If you're the sort of person who doesn't want to take a chance on music you don't know, then you might as well stay home. Nightclubs are supposed to be about finding new music and new people. If you don't want to take the risk that you might not like something, you're boring. If you're the sort of person who only wants to go to a party that's packed, maybe you should stick to Hollywood sports bars.
5. You have a tantrum because the DJ won't play your shitty request.
Some DJs don't play requests. Others do, but that doesn't mean they'll play yours. They might not have brought the song, or it might sound inappropriate with what they are already playing.
You should respect their choices, but you don't. You are acting like a demanding party n00b, going up to the booth every five minutes and leaning against the gear as you slur your pleas to hear some Top 40 at a post-punk club. You want the DJs to change their entire set to suit your terribly basic taste in music. Why did you even come here? Please don't knock over the turntables on your way out.
6. You hit on all the ladies.
You might be genuinely surprised to learn this but women like music, too! And often, we go out with our friends to see a new band or hit the dance floor — not to get hit on. We might talk to others on the patio or at the bar, but that doesn't mean that we're interested in what you're offering. If you were genuinely into this scene, and not just trying out your Regal Beagle moves like some '70s sitcom reject, you would know that.
You know what's really off-putting? You coming up to me and putting your arm around me. We don't know each other and I'm not interested. Get the fuck away from me.
You know what's worse? You grabbing my ass on the dance floor. That we're in a nightclub doesn't change the fact that this is harassment.
7. You talk louder than the warmup DJs play.
Do you have to make it so obvious that you're only here for the headliner? Eh, you're probably the sort of person who shells out thousands of dollars to go to Coachella just for Calvin Harris. But that kid onstage whom we can barely hear over your chatter? That kid might just be the next Calvin Harris. Not that you care.
Years from now, when you see that opening DJ's name at the top of a festival flier, you'll remember that night and try to score cool points, saying you saw him way back when. Conveniently leaving out the part about how you weren't even paying attention.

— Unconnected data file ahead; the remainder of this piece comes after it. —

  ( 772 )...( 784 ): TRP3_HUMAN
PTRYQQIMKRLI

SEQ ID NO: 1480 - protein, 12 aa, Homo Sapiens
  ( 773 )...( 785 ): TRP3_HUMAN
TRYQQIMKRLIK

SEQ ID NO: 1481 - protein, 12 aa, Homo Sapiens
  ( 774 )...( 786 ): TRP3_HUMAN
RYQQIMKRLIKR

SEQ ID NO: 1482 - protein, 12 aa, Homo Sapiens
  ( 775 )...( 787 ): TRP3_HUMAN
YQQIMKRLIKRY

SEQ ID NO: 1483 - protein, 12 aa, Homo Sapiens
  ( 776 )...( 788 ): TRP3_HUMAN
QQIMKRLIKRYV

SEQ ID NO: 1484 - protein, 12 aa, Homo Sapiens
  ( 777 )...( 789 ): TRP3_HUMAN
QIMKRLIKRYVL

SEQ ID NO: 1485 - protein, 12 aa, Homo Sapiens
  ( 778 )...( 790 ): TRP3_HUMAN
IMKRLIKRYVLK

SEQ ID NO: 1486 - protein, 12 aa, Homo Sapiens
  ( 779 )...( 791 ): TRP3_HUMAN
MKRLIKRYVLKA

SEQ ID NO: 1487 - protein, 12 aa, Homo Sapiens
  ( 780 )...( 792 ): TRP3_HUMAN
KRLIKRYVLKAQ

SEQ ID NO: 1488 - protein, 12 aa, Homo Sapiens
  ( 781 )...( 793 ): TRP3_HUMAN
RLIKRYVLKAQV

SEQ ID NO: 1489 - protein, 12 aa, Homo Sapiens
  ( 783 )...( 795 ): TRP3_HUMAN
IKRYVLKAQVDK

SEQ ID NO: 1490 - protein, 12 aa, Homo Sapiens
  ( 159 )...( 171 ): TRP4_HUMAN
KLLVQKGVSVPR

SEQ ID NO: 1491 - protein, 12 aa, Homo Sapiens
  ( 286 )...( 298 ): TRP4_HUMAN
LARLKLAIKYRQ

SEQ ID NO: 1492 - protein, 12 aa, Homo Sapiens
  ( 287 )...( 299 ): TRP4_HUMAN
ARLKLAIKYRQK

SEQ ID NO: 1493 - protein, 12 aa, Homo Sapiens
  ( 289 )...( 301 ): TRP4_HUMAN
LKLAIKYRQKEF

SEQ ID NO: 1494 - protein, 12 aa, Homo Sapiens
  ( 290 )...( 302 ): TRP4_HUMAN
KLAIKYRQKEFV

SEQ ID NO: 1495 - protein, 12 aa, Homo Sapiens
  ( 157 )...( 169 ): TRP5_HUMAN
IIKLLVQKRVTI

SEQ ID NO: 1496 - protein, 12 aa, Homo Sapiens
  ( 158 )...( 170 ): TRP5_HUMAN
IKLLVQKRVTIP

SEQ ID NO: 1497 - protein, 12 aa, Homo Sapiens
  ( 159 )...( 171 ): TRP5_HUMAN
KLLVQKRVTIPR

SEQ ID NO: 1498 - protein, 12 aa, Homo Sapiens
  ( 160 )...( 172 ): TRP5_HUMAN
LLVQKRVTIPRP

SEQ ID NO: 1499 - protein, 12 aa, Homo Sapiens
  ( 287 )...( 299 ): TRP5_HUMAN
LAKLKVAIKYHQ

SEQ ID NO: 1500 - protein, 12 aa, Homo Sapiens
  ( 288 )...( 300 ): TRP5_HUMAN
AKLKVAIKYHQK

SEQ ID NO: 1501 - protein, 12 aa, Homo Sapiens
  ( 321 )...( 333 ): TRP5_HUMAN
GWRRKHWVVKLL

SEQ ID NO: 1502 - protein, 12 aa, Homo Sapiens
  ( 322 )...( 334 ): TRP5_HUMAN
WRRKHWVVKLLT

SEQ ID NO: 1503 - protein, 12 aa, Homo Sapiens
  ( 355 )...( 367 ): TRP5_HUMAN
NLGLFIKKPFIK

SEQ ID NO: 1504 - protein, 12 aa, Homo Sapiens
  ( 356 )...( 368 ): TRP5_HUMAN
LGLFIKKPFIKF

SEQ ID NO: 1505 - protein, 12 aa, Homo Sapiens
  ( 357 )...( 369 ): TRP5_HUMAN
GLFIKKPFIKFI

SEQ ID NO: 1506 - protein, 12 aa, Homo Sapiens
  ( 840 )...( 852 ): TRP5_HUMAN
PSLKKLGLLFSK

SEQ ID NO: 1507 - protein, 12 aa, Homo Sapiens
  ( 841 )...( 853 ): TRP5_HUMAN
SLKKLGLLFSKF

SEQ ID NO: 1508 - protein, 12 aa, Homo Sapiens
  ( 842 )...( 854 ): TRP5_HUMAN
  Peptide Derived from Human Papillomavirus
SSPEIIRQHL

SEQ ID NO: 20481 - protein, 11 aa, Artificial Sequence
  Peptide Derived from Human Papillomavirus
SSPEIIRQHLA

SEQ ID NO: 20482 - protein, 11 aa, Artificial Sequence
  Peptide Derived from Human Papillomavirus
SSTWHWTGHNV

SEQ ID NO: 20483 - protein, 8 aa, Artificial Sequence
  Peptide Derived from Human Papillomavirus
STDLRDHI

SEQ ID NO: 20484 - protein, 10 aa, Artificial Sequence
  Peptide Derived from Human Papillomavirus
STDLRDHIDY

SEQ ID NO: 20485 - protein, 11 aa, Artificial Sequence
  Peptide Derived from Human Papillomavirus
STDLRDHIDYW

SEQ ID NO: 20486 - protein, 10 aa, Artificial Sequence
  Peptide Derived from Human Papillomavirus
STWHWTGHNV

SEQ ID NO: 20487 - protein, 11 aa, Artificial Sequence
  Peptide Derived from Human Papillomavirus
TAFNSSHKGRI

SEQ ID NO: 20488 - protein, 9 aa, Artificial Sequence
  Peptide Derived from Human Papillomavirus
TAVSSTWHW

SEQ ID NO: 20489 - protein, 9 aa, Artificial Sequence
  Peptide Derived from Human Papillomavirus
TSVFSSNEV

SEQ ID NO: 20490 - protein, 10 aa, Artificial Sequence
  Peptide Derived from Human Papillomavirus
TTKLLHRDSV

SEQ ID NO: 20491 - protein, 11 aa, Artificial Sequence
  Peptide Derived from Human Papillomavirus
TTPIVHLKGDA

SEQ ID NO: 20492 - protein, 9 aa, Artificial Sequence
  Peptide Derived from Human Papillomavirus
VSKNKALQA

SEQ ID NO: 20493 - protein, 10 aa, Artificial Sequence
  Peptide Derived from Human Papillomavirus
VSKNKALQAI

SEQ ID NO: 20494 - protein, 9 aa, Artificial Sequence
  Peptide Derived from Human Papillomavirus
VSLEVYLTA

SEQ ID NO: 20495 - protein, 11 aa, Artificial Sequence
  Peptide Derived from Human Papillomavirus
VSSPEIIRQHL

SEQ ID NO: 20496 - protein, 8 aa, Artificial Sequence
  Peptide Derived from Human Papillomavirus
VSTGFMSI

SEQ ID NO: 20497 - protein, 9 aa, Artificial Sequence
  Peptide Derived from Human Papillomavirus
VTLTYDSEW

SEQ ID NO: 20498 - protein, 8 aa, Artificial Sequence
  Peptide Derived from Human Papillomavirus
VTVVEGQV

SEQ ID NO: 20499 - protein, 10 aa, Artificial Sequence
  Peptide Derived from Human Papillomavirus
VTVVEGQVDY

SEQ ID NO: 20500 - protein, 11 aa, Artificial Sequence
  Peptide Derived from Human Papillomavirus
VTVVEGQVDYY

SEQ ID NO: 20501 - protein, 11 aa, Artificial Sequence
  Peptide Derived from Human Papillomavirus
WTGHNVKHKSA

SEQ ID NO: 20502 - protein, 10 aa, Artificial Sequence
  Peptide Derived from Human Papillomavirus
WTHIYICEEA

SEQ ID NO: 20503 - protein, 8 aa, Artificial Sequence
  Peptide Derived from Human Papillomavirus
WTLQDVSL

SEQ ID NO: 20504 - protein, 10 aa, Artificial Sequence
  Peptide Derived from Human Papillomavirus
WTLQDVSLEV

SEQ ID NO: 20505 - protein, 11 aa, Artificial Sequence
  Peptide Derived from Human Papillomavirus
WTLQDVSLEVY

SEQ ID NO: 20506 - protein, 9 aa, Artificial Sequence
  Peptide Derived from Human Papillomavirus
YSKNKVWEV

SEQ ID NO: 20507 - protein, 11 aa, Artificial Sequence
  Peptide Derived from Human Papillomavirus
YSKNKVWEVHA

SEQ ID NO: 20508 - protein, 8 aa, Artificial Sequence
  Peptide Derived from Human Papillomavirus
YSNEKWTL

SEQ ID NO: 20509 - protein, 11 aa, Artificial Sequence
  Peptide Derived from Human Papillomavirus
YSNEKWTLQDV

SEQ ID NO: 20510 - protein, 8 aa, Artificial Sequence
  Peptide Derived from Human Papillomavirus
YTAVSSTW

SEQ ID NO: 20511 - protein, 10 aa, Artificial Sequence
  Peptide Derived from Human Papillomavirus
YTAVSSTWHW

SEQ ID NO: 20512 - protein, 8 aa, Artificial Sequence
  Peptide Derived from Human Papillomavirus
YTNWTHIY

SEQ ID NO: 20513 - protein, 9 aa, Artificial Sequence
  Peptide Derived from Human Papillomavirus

8. You spend your night at an L.A. club loudly complaining about how much you hate L.A.
Seriously, go home already. You're the worst kind of poseur. You escaped some repressive red state for Los Angeles and complain about us being fake? Yeah, a lot of us don't believe in natural beauty (how boring) and plenty of people eat things that look like meat but aren't. Still, that doesn't make us fake.
What's fake is you. You've been here for all of six months and act like you own the place. You think you live on the Eastside because you got a pad in Echo Park. You think you're an actor because you've got headshots. And you're ready to tell the rest of us everything that's wrong with Los Angeles.
If you like this story, consider signing up for our email newsletters.
SHOW ME HOW
You have successfully signed up for your selected newsletter(s) - please keep an eye on your mailbox, we're movin' in!
But here's the reality. We aren't being nasty when we don't point you to Cahuenga; it's just that you butchered the street name so badly that we aren't quite sure what you were saying. We're not being flaky; we're working multiple jobs and spending the rest of the day stuck in traffic. And we're not unfriendly; we're just wary of people like you, who always seem to be working an angle. If you bothered to actually talk to someone here about something other than your music or acting aspirations, you would know that.
If you recognize these symptoms, don't worry — it's not too late to take steps to correct them. Learn when to shut up, and when to pay up, and you might be able to shed your poseur skin.